Kingdom of Atenveldt
Unto Elisabeth de Rossignol, Laurel; Margaret MacDuibhshithe, Pelican; Jeanne Marie Lacroix, Wreath; Their Armorial and Onomastics Heirs; and the commenting Members of the College of Arms,
Greetings from Marta as tu Mika-Mysliwy, Parhelium Herald!
The Atenveldt College of Heralds requests the consideration and registration of the following names and armory with the College of Arms.
Please note: Unless specifically stated, the submitter will accept any spelling and grammar corrections; all assistance is appreciated.
1. Fiona Mag Uidhir: NEW NAME and DEVICE
Or, on a bend vert between a cow statant gules and a sheaf of arrows inverted sable three annulets Or.
Fiona is a feminine given name, considered SCA-compatible; this was upheld as recently as July 2004 with the registration of Fiona inghean uí Mheadhra.
Documentation for the byname comes from Clans and Families of Ireland,: The Heritage and Heraldry of Irish Clans and Families, John Grenham, with Mag Uidhir the Irish Gaelic form of the Anglicized Maguire (pp. 146-7). Black's The Surnames of Scotland demonstrate (undated) this as a personal name, Ir. Mag uidhir, G. Mac uidhir, "son of the pale(-faced) man" (p. 507 s.n. MACGUIRE).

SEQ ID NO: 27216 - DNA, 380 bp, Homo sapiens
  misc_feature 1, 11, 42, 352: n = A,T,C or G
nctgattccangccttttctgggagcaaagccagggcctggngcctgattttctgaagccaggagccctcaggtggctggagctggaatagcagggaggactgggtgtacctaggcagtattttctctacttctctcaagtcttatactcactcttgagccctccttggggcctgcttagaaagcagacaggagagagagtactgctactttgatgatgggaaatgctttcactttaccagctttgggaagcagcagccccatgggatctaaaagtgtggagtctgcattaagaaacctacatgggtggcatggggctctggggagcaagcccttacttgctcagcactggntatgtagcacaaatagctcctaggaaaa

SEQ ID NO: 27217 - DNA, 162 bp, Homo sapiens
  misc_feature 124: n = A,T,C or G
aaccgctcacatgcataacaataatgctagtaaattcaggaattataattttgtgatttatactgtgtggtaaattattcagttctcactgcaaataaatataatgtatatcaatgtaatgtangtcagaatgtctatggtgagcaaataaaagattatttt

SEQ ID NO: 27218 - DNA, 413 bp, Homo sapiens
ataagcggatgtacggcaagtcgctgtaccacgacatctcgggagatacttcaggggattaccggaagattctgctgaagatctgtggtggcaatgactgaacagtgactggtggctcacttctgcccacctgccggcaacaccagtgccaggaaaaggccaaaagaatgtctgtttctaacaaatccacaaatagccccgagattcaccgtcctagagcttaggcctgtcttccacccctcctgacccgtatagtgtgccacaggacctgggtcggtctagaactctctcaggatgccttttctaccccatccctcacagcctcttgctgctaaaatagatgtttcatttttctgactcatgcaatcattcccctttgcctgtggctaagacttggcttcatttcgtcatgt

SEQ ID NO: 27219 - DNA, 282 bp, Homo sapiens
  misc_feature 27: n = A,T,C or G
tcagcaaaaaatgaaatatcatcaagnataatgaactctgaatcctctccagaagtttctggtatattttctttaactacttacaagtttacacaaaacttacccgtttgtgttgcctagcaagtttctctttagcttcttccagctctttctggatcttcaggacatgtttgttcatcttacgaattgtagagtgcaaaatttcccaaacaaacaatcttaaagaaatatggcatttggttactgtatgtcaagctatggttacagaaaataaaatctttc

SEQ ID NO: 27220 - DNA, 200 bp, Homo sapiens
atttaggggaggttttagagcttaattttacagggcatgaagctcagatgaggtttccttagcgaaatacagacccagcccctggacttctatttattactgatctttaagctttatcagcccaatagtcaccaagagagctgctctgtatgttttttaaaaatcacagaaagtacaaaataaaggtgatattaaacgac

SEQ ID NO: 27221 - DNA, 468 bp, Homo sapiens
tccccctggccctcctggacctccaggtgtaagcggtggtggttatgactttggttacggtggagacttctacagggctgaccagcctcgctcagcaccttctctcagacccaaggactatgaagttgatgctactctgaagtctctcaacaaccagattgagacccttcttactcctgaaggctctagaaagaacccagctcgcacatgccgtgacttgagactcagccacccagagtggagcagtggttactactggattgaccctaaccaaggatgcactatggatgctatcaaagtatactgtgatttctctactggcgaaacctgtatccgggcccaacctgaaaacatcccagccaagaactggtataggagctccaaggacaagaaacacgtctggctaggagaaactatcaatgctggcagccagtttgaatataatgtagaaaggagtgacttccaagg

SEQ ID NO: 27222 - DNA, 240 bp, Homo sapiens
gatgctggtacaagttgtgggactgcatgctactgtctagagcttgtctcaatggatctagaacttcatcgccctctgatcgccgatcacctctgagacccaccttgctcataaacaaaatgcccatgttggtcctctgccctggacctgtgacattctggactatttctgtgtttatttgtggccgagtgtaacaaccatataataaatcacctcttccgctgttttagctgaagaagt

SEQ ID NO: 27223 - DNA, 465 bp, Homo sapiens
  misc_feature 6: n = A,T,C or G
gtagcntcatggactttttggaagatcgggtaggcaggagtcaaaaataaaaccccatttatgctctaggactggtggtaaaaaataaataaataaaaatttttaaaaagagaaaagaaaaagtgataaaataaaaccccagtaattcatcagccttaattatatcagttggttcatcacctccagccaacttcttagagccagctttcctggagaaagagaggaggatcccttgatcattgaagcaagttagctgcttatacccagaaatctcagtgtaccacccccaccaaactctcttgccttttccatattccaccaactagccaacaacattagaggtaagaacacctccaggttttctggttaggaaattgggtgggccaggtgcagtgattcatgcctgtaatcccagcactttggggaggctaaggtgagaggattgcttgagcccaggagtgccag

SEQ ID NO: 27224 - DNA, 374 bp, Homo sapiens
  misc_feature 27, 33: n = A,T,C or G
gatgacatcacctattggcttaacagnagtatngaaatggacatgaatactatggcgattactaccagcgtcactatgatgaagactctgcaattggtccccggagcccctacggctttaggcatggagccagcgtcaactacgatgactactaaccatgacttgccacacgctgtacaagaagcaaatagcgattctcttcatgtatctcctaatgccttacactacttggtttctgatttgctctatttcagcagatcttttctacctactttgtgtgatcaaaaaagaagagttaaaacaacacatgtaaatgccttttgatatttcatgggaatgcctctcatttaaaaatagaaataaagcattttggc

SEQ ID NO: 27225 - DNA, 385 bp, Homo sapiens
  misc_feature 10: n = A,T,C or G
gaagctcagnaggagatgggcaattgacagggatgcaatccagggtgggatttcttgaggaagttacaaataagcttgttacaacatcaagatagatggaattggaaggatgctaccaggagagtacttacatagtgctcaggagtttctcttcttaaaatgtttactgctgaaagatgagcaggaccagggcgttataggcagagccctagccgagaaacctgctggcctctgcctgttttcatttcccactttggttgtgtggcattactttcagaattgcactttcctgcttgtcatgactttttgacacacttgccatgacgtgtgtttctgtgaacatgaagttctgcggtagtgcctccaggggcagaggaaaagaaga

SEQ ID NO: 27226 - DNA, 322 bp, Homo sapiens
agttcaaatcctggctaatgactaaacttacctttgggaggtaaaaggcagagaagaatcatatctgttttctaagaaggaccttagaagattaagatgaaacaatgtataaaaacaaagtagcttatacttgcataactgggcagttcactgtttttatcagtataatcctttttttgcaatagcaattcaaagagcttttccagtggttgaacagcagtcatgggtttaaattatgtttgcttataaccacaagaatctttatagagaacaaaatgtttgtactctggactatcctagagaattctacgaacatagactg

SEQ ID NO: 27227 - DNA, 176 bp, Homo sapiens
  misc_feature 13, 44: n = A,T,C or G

The client desires a female name. She is most interested in the sound and the language/culture of the name (none specified, but I suspect Gaelic of some form).
2. Hans Rüpprecht: NEW DEVICE
Sable, on a pile issuant from sinister chief argent three grenades in bend sinister bendwise sinister gules.
The name appears in the 21 April 2008 Atenveldt Letter of Intent.
Steffen von der Grün: NEW NAME and DEVICE
Grün is a 16th C. German, found in Etmologisches Wuurterbuch der Deutschen Familiennamen, Brechenmacher and Josef Karlmann, p. 601 of Brechenmacher; von der Grün is dated to 1583 under the heading Grün. von der Grün literally translates to "of the Green" [Altavista Babelfish]. This could be a field or a forest or a color he always wears, but usually it's a locative.
The client desires a male name and is most interested in the Meaning and language and/or culture of the name.
In the LoAR Cover Letter of July 2005 ( http://heraldry.sca.org/heraldry/loar/2005/07/05-07cl.html ), there is a lengthy commentary on the depiction of gurges. This is some of the cogent points:
"The gurges appears to be a purely Anglo-Norman heraldic charge, which in its earliest form was a series of concentric annulets. London's "Aspilogia II: Rolls of Arms of Henry III", p.152, describes the original arms of Rauf de Gorges as (in modern blazon) Azure, four concentric annulets argent. It began its heraldic life as an undoubted charge (or set of distinct charges, if you will).